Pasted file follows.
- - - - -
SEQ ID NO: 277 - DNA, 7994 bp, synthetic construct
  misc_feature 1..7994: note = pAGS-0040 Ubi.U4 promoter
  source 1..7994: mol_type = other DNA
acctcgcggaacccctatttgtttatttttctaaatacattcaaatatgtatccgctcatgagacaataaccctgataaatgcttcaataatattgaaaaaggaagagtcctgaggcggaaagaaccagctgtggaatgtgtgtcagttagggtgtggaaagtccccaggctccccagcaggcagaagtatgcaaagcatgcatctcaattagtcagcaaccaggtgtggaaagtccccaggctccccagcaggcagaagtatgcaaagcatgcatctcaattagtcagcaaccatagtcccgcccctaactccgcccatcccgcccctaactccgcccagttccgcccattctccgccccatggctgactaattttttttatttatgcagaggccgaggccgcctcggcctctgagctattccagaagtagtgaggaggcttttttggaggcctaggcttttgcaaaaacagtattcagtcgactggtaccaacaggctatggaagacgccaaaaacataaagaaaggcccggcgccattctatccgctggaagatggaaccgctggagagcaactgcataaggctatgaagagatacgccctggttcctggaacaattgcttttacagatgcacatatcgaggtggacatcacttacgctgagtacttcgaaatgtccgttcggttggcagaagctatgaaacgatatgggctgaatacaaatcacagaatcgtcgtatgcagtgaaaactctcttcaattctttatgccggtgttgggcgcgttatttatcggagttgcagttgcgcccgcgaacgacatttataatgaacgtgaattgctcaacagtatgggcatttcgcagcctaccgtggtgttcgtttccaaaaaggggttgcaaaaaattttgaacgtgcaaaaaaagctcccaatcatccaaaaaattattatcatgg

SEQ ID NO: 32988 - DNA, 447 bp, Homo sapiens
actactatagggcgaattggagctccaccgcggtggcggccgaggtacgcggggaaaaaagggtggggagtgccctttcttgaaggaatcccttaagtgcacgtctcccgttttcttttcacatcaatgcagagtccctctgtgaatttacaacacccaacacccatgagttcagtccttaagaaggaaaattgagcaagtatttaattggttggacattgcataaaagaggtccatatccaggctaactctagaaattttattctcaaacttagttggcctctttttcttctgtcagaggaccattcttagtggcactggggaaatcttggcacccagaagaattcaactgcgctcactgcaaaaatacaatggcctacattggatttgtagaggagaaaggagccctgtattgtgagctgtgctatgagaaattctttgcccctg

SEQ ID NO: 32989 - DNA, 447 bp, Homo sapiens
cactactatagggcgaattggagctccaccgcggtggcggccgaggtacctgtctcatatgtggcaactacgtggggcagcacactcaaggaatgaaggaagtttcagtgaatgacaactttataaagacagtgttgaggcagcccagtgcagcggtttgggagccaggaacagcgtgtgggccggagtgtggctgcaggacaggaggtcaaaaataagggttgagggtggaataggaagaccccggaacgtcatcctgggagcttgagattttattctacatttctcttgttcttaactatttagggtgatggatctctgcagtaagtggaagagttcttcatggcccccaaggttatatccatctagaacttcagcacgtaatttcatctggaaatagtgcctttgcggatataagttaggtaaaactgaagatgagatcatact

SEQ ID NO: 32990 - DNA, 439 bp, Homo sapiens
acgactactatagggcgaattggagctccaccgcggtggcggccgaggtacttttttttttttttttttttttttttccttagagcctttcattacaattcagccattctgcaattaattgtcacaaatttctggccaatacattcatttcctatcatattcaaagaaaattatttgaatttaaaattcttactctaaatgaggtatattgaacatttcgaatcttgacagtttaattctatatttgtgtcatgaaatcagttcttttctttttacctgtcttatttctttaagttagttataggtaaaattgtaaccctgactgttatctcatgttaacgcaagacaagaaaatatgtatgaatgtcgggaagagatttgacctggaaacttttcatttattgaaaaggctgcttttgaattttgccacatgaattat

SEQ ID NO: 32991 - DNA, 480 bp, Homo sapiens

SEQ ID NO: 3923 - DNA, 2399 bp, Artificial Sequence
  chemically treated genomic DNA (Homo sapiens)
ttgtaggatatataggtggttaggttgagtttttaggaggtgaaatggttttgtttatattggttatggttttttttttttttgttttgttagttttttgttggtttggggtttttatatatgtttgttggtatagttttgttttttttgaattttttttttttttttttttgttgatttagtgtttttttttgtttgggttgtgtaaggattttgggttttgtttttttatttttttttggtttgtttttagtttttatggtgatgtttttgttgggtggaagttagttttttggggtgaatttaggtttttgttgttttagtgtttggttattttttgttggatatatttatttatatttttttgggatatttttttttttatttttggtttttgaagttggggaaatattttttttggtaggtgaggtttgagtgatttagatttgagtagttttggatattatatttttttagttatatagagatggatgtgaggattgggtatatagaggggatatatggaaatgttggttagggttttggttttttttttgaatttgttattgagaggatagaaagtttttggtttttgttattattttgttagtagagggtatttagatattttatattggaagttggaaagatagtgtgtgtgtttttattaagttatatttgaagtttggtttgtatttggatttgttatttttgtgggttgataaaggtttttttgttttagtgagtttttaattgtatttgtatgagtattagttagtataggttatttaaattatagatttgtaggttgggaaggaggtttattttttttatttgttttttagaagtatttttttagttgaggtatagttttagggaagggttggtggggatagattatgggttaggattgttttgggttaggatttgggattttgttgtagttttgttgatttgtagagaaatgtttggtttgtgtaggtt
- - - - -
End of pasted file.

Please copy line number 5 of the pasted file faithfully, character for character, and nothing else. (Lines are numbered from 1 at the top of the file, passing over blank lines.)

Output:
SEQ ID NO: 32988 - DNA, 447 bp, Homo sapiens